Disparities in Vulnerability to Severe Complications from Covid-19 in the United States

39 Pages Posted: 10 Jun 2020 Last revised: 31 Jul 2021

See all articles by Emily Wiemers

Emily Wiemers

Syracuse University

Scott Abrahams

Duke University

Marwa AlFakhri

Duke University

V. Joseph Hotz

Duke University; National Bureau of Economic Research (NBER); IZA Institute of Labor Economics

Robert Schoeni

University of Michigan at Ann Arbor

Judith Seltzer

University of California, Los Angeles (UCLA) - Department of Sociology

Date Written: June 2020

Abstract

This paper provides the first nationally representative estimates of vulnerability to severe com-plications from COVID-19 overall and across race-ethnicity and socioeconomic status. We use the Panel Study of Income Dynamics (PSID) to examine the prevalence of specific health condi-tions associated with complications from COVID-19 and to calculate, for each individual, an index of the risk of severe complications from respiratory infections developed by DeCaprio et al. (2020). We show large disparities across race-ethnicity and socioeconomic status in the prev-alence of conditions which are associated with the risk of severe complications from COVID-19. Moreover, we show that these disparities emerge early in life, prior to age 65, leading to higher vulnerability to such complications. While vulnerability is highest among older adults regardless of their race-ethnicity or socioeconomic status, our results suggest particular attention should also be given to the risk of adverse outcomes in midlife for non-Hispanic Blacks, adults with a high school degree or less, and low-income Americans.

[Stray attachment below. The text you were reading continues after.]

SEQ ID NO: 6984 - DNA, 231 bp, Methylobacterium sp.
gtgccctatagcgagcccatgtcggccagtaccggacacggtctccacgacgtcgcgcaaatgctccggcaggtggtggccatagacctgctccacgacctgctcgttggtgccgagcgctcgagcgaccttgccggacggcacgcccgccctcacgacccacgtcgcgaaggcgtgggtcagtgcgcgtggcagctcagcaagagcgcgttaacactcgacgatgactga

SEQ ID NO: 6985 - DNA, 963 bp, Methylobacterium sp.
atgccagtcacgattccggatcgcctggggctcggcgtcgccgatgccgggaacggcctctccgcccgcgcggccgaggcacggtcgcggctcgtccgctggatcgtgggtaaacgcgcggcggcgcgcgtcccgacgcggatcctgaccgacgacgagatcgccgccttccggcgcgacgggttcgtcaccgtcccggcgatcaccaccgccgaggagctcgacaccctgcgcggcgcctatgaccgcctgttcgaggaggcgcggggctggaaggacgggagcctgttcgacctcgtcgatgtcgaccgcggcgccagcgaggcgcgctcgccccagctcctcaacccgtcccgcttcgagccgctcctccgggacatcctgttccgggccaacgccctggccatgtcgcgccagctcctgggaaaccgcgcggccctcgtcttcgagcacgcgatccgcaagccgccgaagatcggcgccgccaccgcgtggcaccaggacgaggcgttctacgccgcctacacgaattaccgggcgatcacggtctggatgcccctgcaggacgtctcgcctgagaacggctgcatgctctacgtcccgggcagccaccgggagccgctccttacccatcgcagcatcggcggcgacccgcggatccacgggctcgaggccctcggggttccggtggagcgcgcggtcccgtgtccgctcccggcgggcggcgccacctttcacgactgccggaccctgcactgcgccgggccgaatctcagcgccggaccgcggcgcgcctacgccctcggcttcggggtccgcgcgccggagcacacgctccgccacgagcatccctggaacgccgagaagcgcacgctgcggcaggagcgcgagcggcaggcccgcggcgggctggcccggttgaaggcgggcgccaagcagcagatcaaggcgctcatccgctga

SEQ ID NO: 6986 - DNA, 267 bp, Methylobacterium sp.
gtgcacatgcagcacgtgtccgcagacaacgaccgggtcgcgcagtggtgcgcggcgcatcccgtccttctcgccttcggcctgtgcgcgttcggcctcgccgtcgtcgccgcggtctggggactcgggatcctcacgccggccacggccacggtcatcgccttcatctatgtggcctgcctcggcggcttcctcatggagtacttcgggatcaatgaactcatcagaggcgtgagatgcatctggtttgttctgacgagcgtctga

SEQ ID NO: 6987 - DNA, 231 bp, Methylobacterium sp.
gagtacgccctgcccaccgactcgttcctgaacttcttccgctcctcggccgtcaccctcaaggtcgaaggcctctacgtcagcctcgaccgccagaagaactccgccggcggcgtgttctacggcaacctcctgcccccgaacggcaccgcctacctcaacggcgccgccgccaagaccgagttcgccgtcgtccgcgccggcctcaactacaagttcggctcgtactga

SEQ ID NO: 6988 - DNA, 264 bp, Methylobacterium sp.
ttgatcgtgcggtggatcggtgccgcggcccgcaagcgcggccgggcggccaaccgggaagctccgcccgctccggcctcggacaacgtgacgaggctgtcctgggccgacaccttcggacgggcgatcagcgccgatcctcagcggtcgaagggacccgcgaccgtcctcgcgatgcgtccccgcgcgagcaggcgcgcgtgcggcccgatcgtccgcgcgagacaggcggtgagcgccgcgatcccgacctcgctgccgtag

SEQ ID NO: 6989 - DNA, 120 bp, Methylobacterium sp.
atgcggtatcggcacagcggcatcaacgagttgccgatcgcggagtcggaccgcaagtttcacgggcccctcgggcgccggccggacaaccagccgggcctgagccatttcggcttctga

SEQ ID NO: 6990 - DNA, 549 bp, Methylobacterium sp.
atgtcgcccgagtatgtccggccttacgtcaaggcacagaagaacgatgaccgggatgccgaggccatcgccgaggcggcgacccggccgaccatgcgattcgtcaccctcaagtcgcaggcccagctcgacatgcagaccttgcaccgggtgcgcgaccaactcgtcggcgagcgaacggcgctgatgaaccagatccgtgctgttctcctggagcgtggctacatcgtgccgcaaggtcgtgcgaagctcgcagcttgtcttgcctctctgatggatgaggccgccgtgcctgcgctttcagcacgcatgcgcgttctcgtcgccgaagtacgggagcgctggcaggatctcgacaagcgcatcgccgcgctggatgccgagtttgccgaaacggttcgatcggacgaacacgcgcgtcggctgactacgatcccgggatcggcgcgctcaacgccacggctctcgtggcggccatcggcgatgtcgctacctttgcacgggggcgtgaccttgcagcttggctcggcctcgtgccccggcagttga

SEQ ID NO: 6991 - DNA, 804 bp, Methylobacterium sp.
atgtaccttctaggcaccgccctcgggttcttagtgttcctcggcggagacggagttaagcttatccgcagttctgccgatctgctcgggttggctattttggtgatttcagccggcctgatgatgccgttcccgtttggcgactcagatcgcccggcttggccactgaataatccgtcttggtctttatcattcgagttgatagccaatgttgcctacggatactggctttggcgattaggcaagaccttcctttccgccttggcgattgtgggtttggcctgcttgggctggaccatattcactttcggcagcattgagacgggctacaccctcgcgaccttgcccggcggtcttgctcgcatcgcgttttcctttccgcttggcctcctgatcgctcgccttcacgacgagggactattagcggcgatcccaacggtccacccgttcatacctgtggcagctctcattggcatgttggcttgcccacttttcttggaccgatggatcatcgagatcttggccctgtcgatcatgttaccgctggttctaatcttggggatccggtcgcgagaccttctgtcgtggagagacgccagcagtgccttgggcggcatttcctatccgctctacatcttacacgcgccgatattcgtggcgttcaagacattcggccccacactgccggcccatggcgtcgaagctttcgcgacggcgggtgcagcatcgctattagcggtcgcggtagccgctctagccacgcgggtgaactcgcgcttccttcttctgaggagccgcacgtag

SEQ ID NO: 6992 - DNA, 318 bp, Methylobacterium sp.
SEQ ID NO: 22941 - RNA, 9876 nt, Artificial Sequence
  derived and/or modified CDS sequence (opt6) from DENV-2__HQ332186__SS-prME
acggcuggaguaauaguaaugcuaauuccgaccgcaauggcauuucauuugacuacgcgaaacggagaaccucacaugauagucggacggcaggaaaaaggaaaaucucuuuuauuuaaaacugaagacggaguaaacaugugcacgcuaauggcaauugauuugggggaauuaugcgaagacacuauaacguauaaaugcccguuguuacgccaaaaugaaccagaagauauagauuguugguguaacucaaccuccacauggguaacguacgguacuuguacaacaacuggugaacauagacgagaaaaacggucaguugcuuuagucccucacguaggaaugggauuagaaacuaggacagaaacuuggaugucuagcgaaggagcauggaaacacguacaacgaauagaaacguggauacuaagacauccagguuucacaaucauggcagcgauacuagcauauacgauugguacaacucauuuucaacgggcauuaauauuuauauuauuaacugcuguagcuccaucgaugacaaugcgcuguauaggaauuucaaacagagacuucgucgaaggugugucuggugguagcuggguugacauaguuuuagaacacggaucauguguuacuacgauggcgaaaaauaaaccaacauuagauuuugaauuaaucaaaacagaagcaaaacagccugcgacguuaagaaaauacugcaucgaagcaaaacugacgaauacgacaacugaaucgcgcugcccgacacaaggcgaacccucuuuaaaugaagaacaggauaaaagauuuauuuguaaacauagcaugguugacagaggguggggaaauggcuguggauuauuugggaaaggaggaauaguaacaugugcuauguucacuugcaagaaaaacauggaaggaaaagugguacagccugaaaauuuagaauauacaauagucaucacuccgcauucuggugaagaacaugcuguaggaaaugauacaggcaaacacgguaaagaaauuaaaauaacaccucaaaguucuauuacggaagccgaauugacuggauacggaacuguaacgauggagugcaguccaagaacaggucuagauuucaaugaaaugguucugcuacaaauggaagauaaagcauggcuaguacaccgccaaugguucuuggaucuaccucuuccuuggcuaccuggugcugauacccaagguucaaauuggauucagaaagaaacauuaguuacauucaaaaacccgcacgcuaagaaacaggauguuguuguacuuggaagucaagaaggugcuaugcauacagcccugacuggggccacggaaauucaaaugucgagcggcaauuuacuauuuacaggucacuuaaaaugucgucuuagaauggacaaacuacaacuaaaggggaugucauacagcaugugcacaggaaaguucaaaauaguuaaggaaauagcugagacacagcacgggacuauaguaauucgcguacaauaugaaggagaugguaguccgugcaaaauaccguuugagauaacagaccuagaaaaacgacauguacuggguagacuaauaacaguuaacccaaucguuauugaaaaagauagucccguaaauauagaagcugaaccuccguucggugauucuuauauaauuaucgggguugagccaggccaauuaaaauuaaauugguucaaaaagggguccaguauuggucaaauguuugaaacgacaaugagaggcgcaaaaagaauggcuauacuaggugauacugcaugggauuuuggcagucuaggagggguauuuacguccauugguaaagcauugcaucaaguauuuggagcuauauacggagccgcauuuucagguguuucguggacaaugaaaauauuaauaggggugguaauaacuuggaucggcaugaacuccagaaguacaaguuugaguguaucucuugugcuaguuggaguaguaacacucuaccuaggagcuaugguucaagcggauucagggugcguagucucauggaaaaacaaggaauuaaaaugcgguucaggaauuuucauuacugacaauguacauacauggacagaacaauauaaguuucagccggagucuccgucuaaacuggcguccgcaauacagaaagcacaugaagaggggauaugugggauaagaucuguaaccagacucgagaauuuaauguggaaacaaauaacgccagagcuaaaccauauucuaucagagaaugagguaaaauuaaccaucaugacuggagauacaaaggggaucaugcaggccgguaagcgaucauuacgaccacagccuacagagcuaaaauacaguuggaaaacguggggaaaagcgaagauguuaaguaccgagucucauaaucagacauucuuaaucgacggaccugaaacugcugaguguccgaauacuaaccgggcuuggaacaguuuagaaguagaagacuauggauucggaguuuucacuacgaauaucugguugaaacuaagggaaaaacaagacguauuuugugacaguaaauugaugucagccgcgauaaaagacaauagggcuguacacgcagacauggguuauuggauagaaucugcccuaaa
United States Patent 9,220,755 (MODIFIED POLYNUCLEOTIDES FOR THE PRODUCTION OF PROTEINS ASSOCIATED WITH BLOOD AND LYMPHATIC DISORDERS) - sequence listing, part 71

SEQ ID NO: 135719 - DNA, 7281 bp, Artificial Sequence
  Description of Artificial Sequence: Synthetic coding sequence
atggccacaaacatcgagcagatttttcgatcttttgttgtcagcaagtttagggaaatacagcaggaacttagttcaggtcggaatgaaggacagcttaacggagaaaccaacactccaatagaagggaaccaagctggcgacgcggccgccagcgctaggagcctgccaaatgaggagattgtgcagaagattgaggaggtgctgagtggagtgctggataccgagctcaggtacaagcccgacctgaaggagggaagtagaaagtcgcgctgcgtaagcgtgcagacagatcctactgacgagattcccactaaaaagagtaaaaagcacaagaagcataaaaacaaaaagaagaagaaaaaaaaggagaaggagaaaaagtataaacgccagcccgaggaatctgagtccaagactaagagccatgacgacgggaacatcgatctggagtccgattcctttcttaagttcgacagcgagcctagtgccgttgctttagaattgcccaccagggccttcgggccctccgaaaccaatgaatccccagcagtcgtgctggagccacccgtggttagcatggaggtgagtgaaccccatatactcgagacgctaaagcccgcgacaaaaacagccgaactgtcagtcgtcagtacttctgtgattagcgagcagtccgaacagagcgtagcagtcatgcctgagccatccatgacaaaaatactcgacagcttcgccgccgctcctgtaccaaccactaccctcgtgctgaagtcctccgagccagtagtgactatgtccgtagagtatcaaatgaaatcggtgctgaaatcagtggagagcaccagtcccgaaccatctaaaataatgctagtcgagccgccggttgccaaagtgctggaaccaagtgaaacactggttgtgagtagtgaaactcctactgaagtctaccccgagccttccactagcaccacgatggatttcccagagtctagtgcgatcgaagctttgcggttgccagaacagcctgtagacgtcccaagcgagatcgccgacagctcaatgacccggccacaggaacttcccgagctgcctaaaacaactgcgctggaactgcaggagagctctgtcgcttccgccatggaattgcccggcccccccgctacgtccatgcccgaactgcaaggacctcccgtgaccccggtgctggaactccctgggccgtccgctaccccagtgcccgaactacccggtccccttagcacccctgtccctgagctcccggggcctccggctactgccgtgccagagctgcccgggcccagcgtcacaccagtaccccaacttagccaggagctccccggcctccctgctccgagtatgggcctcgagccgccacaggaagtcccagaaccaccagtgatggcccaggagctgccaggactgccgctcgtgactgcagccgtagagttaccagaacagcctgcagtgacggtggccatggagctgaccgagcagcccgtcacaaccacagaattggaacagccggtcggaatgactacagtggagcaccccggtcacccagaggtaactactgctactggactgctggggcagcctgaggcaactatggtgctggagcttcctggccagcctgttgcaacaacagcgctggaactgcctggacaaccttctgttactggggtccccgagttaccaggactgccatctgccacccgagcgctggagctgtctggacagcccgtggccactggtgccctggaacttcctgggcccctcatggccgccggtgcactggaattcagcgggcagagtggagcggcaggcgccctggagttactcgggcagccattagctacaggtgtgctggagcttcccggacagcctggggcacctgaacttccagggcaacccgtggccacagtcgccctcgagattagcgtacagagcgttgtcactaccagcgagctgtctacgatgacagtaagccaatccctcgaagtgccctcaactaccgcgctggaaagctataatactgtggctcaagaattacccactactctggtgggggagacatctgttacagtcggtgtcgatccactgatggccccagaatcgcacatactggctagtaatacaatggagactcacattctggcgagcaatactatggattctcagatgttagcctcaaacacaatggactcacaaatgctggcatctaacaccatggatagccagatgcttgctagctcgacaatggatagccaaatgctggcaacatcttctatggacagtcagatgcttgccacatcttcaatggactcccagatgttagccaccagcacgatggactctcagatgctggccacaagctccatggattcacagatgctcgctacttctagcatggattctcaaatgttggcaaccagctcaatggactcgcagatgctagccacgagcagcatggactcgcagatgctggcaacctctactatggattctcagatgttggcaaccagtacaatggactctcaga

Suggested Citation

Wiemers, Emily and Abrahams, Scott and AlFakhri, Marwa and Hotz, V. Joseph and Schoeni, Robert and Seltzer, Judith, Disparities in Vulnerability to Severe Complications from Covid-19 in the United States (June 2020). NBER Working Paper No. w27294, Available at SSRN: https://ssrn.com/abstract=3621798

Emily Wiemers (Contact Author)

Syracuse University

900 S. Crouse Avenue
Syracuse, NY 13244-2130
United States

Scott Abrahams

Duke University

Marwa AlFakhri

Duke University

100 Fuqua Drive
Durham, NC 27708-0204
United States

V. Joseph Hotz

Duke University ( email )

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Box 90097
Durham, NC 27708
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919-684-8974 (Fax)

HOME PAGE: http://www.econ.duke.edu/~vjh3

National Bureau of Economic Research (NBER)

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IZA Institute of Labor Economics ( email )

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Bonn, D-53072
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Robert Schoeni

University of Michigan at Ann Arbor

Judith Seltzer

University of California, Los Angeles (UCLA) - Department of Sociology ( email )

Los Angeles, CA
United States

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